Sunday, February 9, 2014

The Story of Louis Pasteur

I've briefly mentioned the 1936 film The Story of Louis Pasteur several times, and last month pointed out that it would be airing again at 6:30 AM on February 10. That's tomorrow, so now would be a good time to do that full-length post on the movie.

The movie opens up with what was a very vexing problem in the middle of the 19th century: deaths of mothers in childbirth. Doctors weren't certain what was going on, but Pasteur, a chemist and biologist (but notably not a physician) speculated that there must be some sort of organism already existing on the doctors' medical instruments causing the women to get sick -- they didn't know enough back then to sterilize the instruments to the extent that is done today. Pasteur's experiments more or less proved what is now known as the germ theory. However, as Pasteur wasn't a physician, there were a lot of people who felt that it wouldn't be safe for Pasteur to do anything perceived as practicing medicine, so these old doctors, represented by Dr. Charbonnet (Fritz Leiber) get him to stop making his work on the topic public.

Fast forward several years. In real life, Pasteur was working on figuring out how micro-organisms caused various agricultural diseases, as well as working on vaccines. All of this work is telescoped into a sequence involving an anthrax outbreak, with Pasteur being at the center of the one region of France where anthrax doesn't seem to be endemic. Of course, it's because of the vaccines he and his team of researchers has been working on. These assistants are headed up by Dr. Martel (Donald Woods), who by this point has fallen in love with Pasteur's adult daughter Annette (Anita Louise). Ultimately, the scientists and doctors do an experiment involving a control group that more or less proves that it's Pasteur's vaccine keeping the livestock of the region safe. Another victory for Pasteur, but again he's practicing medicine without a license.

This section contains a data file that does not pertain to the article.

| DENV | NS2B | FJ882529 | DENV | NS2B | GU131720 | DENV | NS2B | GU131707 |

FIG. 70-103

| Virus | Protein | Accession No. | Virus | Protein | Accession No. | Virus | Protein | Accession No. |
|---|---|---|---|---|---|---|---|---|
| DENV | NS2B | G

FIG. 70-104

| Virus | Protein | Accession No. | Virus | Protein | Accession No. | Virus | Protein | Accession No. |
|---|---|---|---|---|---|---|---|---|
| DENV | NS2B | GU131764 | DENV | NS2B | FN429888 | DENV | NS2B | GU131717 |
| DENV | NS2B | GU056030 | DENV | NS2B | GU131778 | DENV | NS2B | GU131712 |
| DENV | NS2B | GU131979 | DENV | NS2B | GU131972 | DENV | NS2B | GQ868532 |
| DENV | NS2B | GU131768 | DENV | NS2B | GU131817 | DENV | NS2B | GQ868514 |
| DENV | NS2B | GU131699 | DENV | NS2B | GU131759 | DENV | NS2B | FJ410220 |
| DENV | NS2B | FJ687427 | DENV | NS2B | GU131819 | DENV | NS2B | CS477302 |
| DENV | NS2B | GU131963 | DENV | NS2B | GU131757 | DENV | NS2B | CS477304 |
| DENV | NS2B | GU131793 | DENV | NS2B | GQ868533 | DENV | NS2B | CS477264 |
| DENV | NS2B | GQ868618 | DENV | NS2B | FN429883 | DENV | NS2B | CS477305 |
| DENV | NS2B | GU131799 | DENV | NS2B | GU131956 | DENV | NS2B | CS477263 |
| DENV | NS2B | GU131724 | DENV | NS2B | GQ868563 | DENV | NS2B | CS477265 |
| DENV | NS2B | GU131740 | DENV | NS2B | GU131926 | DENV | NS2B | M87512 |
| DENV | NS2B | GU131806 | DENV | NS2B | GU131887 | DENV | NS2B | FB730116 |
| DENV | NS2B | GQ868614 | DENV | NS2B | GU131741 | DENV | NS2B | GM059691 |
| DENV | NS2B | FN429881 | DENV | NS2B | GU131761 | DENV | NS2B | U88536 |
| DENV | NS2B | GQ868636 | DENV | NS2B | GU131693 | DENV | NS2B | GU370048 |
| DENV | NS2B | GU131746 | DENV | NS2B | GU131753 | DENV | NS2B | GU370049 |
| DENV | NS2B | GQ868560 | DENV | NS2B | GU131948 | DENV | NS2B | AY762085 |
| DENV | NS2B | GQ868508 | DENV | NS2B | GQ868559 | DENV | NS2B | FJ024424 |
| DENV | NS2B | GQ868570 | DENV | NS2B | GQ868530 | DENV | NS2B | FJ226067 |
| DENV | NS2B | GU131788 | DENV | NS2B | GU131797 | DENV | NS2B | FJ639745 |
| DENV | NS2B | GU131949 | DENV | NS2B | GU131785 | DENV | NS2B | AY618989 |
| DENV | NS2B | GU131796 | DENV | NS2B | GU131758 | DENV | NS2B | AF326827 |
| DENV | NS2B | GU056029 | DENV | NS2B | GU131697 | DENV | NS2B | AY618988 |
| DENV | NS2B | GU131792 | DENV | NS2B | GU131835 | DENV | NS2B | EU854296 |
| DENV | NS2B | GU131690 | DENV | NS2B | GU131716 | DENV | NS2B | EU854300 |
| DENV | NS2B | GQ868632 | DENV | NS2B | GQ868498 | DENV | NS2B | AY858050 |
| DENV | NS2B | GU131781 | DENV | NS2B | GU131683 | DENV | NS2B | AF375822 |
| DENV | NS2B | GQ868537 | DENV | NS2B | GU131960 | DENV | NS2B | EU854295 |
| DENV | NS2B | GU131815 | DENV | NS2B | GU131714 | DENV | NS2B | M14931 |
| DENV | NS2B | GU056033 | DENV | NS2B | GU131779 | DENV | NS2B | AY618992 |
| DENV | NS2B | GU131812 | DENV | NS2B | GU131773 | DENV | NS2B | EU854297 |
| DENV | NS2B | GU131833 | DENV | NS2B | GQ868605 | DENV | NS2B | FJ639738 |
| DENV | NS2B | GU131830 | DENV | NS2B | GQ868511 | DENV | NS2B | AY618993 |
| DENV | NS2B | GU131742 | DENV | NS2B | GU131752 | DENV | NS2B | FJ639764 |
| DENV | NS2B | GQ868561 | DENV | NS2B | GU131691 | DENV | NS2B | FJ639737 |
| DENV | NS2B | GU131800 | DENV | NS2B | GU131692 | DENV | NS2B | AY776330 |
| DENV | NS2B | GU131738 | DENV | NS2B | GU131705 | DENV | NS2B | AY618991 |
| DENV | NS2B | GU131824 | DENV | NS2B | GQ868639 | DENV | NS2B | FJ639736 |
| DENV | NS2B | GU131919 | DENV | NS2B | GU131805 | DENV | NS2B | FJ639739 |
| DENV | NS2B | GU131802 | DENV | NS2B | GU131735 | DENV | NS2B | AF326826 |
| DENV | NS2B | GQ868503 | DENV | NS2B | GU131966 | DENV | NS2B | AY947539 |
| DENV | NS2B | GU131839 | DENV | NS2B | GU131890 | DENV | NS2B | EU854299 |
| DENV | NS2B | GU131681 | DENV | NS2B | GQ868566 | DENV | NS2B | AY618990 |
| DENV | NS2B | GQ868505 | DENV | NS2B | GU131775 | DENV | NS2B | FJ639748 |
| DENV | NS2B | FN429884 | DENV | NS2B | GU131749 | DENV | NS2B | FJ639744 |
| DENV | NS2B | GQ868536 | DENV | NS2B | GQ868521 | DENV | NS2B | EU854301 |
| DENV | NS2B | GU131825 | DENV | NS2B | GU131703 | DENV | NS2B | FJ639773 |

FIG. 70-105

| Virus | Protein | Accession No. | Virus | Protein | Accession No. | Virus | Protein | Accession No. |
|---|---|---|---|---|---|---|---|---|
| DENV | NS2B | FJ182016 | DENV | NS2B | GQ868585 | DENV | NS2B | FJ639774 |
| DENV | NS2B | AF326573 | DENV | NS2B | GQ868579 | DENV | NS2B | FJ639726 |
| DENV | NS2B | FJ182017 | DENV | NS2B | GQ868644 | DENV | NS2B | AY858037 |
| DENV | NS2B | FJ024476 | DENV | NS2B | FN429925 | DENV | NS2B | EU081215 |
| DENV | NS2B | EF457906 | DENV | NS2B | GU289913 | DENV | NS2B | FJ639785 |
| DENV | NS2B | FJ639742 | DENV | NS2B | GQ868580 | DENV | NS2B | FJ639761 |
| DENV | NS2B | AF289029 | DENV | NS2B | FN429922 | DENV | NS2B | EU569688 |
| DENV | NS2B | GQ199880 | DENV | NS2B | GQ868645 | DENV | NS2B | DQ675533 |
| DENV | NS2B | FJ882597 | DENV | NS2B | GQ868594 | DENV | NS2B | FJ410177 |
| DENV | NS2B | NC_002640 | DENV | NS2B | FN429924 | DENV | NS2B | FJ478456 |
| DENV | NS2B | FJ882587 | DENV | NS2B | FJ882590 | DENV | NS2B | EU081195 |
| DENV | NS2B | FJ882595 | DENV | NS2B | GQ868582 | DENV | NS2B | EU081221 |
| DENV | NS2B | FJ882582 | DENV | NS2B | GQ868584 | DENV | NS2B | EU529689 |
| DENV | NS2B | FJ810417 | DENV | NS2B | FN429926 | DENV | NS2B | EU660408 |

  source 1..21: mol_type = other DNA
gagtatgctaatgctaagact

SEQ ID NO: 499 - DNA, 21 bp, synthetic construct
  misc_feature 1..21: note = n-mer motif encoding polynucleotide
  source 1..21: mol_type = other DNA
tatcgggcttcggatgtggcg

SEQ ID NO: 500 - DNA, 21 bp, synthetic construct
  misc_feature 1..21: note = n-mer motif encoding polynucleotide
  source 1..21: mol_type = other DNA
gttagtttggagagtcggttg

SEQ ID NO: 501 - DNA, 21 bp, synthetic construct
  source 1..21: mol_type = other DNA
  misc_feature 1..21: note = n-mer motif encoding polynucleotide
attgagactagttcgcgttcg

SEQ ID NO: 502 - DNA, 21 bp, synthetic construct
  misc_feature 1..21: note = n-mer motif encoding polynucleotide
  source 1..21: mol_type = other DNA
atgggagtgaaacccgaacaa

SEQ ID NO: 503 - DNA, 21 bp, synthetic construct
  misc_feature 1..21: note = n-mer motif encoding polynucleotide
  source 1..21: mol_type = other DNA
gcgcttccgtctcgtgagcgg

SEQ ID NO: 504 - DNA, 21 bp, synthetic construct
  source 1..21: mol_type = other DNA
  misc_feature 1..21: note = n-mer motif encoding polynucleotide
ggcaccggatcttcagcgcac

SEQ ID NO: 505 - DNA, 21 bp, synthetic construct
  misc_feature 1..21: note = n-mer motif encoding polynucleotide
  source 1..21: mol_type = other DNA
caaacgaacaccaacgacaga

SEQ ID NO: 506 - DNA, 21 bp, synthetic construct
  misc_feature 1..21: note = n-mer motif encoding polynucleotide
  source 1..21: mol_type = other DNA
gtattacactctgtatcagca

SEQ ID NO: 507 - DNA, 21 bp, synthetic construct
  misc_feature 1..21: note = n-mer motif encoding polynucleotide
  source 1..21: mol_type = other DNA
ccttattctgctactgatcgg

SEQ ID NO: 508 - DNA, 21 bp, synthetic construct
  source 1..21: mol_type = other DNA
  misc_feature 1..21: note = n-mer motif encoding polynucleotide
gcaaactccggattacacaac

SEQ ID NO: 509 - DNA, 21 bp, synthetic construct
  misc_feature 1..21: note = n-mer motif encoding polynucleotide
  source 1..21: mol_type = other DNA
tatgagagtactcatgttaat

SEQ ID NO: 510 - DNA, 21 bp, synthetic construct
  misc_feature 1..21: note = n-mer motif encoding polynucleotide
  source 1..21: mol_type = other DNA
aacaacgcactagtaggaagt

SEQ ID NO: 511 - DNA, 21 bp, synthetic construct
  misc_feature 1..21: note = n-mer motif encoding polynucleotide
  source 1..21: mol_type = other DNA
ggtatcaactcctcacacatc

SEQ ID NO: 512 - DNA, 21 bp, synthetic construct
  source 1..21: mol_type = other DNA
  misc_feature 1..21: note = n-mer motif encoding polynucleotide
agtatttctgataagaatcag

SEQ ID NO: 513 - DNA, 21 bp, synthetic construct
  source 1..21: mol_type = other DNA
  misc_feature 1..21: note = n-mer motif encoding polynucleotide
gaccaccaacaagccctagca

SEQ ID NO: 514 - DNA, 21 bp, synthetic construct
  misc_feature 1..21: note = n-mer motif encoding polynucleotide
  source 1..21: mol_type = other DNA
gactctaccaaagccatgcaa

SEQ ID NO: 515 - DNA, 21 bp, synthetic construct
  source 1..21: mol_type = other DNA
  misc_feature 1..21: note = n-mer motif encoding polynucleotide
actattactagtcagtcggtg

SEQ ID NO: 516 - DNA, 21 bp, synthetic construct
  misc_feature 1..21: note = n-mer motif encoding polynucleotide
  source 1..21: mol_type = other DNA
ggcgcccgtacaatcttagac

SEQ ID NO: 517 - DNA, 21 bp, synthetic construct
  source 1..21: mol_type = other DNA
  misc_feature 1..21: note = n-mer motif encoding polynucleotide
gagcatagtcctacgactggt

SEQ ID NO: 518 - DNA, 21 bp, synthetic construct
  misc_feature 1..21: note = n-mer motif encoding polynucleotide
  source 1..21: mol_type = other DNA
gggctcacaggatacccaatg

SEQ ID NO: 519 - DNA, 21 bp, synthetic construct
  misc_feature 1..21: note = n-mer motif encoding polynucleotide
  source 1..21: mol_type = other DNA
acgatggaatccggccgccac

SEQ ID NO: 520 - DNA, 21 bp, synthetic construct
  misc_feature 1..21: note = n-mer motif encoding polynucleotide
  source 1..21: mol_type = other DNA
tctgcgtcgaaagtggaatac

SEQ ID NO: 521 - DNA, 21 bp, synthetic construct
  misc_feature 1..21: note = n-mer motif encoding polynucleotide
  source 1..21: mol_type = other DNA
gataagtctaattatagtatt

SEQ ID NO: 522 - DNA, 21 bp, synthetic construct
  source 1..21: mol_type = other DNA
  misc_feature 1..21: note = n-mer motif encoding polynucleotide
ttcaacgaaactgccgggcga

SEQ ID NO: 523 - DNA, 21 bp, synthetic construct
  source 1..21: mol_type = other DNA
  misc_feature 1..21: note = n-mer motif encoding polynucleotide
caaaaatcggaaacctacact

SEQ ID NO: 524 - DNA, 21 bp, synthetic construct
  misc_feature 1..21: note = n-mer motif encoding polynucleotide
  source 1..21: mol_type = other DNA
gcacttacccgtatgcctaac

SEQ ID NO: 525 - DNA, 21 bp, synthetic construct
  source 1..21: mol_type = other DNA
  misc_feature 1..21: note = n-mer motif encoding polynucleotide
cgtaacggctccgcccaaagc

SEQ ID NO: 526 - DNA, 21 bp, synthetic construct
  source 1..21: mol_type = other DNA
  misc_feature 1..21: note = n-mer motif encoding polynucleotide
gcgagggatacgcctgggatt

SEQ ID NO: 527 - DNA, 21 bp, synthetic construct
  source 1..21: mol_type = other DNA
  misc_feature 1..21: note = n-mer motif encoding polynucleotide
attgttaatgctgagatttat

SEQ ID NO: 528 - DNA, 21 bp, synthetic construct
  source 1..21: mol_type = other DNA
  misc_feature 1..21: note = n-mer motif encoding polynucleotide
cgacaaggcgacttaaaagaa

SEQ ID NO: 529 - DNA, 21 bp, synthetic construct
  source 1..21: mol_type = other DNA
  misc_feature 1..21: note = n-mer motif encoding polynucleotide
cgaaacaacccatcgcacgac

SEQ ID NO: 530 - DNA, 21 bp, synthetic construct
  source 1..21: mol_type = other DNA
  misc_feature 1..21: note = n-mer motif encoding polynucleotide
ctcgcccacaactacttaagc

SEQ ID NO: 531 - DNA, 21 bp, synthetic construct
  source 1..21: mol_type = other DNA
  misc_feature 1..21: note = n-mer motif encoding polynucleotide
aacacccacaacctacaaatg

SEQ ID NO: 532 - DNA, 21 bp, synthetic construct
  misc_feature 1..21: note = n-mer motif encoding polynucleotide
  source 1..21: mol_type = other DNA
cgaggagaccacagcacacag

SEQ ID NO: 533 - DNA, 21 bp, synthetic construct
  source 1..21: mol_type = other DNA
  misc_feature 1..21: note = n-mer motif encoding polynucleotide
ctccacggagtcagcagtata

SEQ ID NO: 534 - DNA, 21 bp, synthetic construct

The next topic discussed in the movie is rabies. Pasteur and his assistants were trying to develop a vaccine for the disease, and were conducting trials on dogs. They reached a point where they thought they might be having some success, at which point the movie conveniently has a young boy (Dickie Moore) get bitten by a rabid dog. Pasteur takes the daring step of giving the boy the rabies vaccine that he's been testing on the dogs. To be fair, it's not as if there's anything else the normal doctors could have done to help the boy. And if Wikipedia is to be believed, the incident of a boy getting bitten really did happen while Pasteur and his team still hadn't tested the vaccine on that many dogs. Of course, the boy recovers (as he did in real life). Pasteur eventually lives long enough to be honored by the establishment.

Reading up on Pasteur's life story on Wikipedia, which I presume is going to be reasonably accurate since it should be a fairly uncontroversial topic, the movie gets the broad themes more or less correct. Pasteur was keenly interested in microbiology and did do work on both anthrax and rabies. The movie, however, apparently plays up the controversy for dramatic effect; also, the romantic subplot involving Pasteur's daughter and research assistant seems to be made up. Compared to many other biopics, however, this is fairly mild. It also doesn't mention the work that led to Pasteur's name becoming an eponym for treating milk to remove micro-organisms. But Paul Muni is just so darn entertaining as the daring scientist that he makes the movie more than worth watching.

The Story of Louis Pasteur seems to be out-of-print on DVD, since it's not available from the TCM shop.

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